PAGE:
Cop shoots mentally ill man. Cop lies and says it was in self defense. Unfortunately for the cop, the whole thing was caught on camera. The cop shot the guy multiple times from about 20 feet (3 meters) away (my estimate), all without apparent provocation. He lied about it on his police report and has been fired. He might be charged–as he should be.
Sometimes surveillance can be a very good thing.
Some of the comments below the article are actually worth reading as well.
The cop who pepper sprayed students–all of whom were sitting down–has been awarded $38,000 in worker’s compensation, apparently due to the anxiety and depression he suffered as a result of his own actions and the public reaction against him. Recall that the footage of the incident went viral, prompting outrage and even a few death threats.
I don’t condone the death threats he received, and I don’t necessarily disagree with the worker’s compensation either. What is striking is that, as to my knowledge, he was never charged with anything. How is this different than punching each of the students in the face, one by one?
Engineering student, who just happens to be dark-skinned, was arrested for making an expensive purchase at a clothing store.
A 19-year-old college student from Queens says he was handcuffed and locked in a jail cell after buying a $350 designer belt at Barneys on Madison Avenue because he is “a young black man.”
I can’t prove the cops racially profiled the young man, but I’m suspicious. And I’m baffled at what the probable cause for arrest was here. A second shopper was harassed as well, a nursing student who, coincidentally, happens to be of a similar racial background.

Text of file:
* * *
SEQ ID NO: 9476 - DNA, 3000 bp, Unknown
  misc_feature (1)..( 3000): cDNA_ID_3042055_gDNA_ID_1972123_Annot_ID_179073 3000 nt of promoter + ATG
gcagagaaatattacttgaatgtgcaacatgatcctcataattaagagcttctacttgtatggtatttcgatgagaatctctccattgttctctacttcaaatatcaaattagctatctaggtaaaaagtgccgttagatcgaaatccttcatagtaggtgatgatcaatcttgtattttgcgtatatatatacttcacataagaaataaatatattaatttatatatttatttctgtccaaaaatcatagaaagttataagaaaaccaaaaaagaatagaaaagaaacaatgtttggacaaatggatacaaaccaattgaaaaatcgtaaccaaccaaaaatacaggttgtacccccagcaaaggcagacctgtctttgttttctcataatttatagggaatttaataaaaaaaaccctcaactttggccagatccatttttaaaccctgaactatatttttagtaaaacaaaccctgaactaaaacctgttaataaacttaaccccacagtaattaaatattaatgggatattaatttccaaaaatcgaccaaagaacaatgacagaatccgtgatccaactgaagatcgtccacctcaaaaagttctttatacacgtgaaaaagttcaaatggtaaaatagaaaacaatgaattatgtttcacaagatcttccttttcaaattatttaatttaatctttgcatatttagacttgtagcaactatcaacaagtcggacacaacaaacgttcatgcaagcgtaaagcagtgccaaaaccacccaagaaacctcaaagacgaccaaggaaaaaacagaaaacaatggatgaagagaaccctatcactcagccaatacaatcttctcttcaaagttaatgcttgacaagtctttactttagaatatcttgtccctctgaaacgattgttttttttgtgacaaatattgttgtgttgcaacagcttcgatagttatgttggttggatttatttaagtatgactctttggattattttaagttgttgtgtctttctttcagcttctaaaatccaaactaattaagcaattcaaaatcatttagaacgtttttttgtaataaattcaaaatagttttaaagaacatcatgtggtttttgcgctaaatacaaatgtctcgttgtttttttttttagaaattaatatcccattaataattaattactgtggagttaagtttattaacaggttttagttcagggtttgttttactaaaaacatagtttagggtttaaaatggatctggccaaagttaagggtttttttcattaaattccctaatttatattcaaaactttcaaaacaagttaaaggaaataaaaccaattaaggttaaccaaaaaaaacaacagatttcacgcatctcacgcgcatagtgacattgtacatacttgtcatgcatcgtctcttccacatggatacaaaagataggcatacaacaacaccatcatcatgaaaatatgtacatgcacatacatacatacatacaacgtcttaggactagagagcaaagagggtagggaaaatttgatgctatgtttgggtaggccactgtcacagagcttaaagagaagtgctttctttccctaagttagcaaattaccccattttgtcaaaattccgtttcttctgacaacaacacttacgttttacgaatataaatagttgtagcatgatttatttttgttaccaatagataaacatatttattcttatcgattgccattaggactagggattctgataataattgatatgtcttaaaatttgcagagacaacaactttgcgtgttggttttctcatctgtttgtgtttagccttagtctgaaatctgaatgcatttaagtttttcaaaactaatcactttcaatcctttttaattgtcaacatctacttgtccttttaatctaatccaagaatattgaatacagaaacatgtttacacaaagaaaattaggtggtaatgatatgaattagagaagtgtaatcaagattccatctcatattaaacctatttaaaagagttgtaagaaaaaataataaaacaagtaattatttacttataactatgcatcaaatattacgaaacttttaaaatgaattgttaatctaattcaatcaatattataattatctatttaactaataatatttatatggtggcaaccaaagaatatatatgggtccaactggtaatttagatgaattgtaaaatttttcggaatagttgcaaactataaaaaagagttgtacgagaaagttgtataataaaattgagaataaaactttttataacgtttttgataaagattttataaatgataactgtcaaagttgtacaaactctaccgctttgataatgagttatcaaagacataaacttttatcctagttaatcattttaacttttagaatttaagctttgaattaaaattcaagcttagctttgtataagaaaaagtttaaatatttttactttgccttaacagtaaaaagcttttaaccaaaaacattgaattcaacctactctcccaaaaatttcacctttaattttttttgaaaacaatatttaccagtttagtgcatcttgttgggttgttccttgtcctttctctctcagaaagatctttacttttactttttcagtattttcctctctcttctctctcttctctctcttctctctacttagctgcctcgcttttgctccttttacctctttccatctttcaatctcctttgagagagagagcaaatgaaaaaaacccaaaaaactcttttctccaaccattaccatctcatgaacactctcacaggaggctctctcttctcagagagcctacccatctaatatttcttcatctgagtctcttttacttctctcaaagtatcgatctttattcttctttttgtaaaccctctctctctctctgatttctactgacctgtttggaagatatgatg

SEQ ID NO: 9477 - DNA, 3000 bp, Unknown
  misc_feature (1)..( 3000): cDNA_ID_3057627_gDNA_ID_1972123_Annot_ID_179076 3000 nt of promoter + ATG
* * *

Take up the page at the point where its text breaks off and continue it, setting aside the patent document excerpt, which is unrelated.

As I’ve argued before, we can’t condone a system that implicitly criminalizes entire races of people in this country, nor can we condone a system that terrorizes law-abiding people with threat of arbitrary arrest.
It seems that movie stars are also arrested by the NYPD for the crime of shopping at expensive clothing stores–if they have dark skin, that is.
The third black New Yorker suing the NYPD for an allegedly unlawful stop and search while shopping at Macy’s is an actor who starred with Sean Connery in “Finding Forrester”… and he filed the lawsuit to demand answers for why he was handcuffed….
“Police officers ran up to him, arrested him, and then kept him in a jail cell in Macy’s,” his attorney, John Elefterakis told the Post.
After handing over his ID, Brown “was told that his identification was false and that he could not afford to make such an expensive purchase,” according to the Manhattan Supreme Court suit….
Brown, born in Harlem and raised in Brooklyn, was educated at elite private schools including Poly Prop and Amherst College. A role opposite Sean Connery in the 2009 film “Finding Forrester” jumpstarted his acting career.
The actor’s crime was buying a watch, being black, and shopping anywhere near the NYPD’s jurisdiction.